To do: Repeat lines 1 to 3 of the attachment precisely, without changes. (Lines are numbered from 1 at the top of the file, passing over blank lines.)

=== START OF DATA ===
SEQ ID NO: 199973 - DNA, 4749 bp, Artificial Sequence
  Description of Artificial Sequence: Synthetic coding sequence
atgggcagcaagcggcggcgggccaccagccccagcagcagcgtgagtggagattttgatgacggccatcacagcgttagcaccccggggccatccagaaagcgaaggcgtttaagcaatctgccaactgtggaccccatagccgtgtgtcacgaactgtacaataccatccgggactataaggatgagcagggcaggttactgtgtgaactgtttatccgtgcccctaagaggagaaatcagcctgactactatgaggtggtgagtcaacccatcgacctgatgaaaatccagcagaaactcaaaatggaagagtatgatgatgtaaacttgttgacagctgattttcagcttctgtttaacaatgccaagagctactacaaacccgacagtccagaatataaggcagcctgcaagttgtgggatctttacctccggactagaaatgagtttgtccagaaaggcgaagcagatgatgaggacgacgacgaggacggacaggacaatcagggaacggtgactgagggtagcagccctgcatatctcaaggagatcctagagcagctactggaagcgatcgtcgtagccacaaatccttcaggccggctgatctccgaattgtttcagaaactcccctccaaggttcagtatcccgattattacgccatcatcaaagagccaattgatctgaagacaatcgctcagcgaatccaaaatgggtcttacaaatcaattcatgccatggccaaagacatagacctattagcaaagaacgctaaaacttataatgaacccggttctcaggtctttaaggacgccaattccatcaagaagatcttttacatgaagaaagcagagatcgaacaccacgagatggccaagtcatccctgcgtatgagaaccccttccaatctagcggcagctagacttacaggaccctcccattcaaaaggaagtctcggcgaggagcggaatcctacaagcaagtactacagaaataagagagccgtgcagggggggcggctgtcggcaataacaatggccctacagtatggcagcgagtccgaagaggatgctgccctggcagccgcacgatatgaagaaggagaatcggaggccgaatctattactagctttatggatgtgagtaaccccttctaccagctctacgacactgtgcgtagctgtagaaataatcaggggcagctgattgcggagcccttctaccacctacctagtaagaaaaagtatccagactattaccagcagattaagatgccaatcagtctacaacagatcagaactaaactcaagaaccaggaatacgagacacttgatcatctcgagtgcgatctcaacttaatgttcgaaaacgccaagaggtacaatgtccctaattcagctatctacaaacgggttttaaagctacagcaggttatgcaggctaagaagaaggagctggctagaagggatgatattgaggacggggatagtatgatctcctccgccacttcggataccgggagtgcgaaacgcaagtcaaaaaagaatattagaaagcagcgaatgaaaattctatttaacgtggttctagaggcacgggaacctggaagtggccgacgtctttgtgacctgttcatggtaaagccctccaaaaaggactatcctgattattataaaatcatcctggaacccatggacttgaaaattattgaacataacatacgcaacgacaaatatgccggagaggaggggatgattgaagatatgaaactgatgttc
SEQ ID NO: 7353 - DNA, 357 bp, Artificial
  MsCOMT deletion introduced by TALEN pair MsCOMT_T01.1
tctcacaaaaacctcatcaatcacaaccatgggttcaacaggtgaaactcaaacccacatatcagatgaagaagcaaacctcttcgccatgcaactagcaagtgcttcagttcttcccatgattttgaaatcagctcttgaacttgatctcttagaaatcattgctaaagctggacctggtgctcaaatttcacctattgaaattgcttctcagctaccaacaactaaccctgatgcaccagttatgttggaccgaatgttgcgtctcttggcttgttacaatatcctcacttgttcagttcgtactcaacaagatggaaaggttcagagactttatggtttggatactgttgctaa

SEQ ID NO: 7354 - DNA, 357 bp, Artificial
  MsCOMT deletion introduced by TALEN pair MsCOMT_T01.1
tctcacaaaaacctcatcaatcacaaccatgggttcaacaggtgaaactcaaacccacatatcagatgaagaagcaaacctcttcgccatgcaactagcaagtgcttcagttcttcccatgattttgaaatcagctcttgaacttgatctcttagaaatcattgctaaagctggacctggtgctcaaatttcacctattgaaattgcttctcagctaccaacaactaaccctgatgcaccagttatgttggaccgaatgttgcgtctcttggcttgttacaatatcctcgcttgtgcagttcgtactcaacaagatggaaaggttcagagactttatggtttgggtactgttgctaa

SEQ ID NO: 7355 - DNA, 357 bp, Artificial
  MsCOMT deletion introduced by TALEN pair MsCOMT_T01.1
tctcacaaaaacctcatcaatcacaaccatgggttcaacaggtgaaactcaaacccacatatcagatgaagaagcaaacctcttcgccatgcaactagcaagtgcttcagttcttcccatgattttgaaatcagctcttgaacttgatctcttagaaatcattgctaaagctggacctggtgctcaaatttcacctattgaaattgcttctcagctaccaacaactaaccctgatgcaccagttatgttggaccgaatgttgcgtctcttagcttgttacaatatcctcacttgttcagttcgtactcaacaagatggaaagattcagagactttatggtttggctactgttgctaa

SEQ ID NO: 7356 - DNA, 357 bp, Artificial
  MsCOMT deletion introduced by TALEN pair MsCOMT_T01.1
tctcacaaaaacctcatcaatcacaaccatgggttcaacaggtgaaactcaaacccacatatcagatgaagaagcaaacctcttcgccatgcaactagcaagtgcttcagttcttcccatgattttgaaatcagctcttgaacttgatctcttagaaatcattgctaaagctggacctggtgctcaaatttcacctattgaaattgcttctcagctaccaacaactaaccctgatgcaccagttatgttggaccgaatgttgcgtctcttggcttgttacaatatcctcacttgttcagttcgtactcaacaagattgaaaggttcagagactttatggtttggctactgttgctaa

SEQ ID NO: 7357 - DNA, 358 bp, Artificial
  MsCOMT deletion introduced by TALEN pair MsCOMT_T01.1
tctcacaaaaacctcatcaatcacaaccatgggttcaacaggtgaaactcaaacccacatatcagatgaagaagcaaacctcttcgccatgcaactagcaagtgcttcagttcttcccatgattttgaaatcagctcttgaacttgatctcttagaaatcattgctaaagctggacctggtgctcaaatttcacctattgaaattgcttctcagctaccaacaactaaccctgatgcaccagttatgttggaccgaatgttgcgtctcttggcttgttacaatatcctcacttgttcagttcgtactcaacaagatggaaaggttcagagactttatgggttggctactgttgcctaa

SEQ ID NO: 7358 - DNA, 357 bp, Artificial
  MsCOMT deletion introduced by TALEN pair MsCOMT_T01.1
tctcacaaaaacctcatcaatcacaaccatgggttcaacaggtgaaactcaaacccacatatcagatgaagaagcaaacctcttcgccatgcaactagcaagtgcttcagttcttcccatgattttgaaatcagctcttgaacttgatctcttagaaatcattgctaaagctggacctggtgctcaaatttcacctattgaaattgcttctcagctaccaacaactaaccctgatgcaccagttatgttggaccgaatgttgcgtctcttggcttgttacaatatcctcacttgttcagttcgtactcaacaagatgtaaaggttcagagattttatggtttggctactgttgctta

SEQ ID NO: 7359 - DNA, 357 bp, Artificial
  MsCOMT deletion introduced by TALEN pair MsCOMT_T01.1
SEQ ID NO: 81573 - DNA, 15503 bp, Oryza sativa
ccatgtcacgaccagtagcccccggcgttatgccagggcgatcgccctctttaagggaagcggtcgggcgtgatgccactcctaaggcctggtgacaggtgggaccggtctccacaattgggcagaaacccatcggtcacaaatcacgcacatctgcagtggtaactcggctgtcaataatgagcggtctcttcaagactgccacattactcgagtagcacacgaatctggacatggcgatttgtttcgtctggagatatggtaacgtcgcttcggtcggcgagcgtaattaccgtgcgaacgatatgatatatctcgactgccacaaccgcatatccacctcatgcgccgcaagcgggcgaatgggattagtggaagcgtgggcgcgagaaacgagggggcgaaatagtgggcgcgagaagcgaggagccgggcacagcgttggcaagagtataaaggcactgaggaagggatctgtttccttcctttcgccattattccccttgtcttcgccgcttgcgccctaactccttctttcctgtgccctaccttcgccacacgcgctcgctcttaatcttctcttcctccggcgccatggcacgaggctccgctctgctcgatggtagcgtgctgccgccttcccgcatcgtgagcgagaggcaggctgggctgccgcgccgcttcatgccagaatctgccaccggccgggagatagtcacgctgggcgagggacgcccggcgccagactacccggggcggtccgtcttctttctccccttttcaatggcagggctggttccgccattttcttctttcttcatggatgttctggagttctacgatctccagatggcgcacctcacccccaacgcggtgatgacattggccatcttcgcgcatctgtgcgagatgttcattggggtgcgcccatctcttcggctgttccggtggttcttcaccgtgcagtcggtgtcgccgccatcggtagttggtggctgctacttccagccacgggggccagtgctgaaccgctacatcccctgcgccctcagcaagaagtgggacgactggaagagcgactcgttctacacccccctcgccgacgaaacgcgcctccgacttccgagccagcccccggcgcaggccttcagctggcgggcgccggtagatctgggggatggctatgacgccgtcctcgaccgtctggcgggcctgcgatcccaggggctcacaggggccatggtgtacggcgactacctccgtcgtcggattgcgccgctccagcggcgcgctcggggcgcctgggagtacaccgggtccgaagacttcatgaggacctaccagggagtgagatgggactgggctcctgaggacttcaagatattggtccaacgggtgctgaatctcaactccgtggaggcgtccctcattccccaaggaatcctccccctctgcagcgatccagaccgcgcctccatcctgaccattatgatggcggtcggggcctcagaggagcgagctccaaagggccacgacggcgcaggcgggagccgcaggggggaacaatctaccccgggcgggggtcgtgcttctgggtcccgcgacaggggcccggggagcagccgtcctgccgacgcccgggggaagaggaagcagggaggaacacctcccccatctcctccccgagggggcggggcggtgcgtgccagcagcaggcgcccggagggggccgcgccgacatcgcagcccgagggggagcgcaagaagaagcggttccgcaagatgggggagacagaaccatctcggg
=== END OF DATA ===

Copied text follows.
SEQ ID NO: 199973 - DNA, 4749 bp, Artificial Sequence
  Description of Artificial Sequence: Synthetic coding sequence
atgggcagcaagcggcggcgggccaccagccccagcagcagcgtgagtggagattttgatgacggccatcacagcgttagcaccccggggccatccagaaagcgaaggcgtttaagcaatctgccaactgtggaccccatagccgtgtgtcacgaactgtacaataccatccgggactataaggatgagcagggcaggttactgtgtgaactgtttatccgtgcccctaagaggagaaatcagcctgactactatgaggtggtgagtcaacccatcgacctgatgaaaatccagcagaaactcaaaatggaagagtatgatgatgtaaacttgttgacagctgattttcagcttctgtttaacaatgccaagagctactacaaacccgacagtccagaatataaggcagcctgcaagttgtgggatctttacctccggactagaaatgagtttgtccagaaaggcgaagcagatgatgaggacgacgacgaggacggacaggacaatcagggaacggtgactgagggtagcagccctgcatatctcaaggagatcctagagcagctactggaagcgatcgtcgtagccacaaatccttcaggccggctgatctccgaattgtttcagaaactcccctccaaggttcagtatcccgattattacgccatcatcaaagagccaattgatctgaagacaatcgctcagcgaatccaaaatgggtcttacaaatcaattcatgccatggccaaagacatagacctattagcaaagaacgctaaaacttataatgaacccggttctcaggtctttaaggacgccaattccatcaagaagatcttttacatgaagaaagcagagatcgaacaccacgagatggccaagtcatccctgcgtatgagaaccccttccaatctagcggcagctagacttacaggaccctcccattcaaaaggaagtctcggcgaggagcggaatcctacaagcaagtactacagaaataagagagccgtgcagggggggcggctgtcggcaataacaatggccctacagtatggcagcgagtccgaagaggatgctgccctggcagccgcacgatatgaagaaggagaatcggaggccgaatctattactagctttatggatgtgagtaaccccttctaccagctctacgacactgtgcgtagctgtagaaataatcaggggcagctgattgcggagcccttctaccacctacctagtaagaaaaagtatccagactattaccagcagattaagatgccaatcagtctacaacagatcagaactaaactcaagaaccaggaatacgagacacttgatcatctcgagtgcgatctcaacttaatgttcgaaaacgccaagaggtacaatgtccctaattcagctatctacaaacgggttttaaagctacagcaggttatgcaggctaagaagaaggagctggctagaagggatgatattgaggacggggatagtatgatctcctccgccacttcggataccgggagtgcgaaacgcaagtcaaaaaagaatattagaaagcagcgaatgaaaattctatttaacgtggttctagaggcacgggaacctggaagtggccgacgtctttgtgacctgttcatggtaaagccctccaaaaaggactatcctgattattataaaatcatcctggaacccatggacttgaaaattattgaacataacatacgcaacgacaaatatgccggagaggaggggatgattgaagatatgaaactgatgttc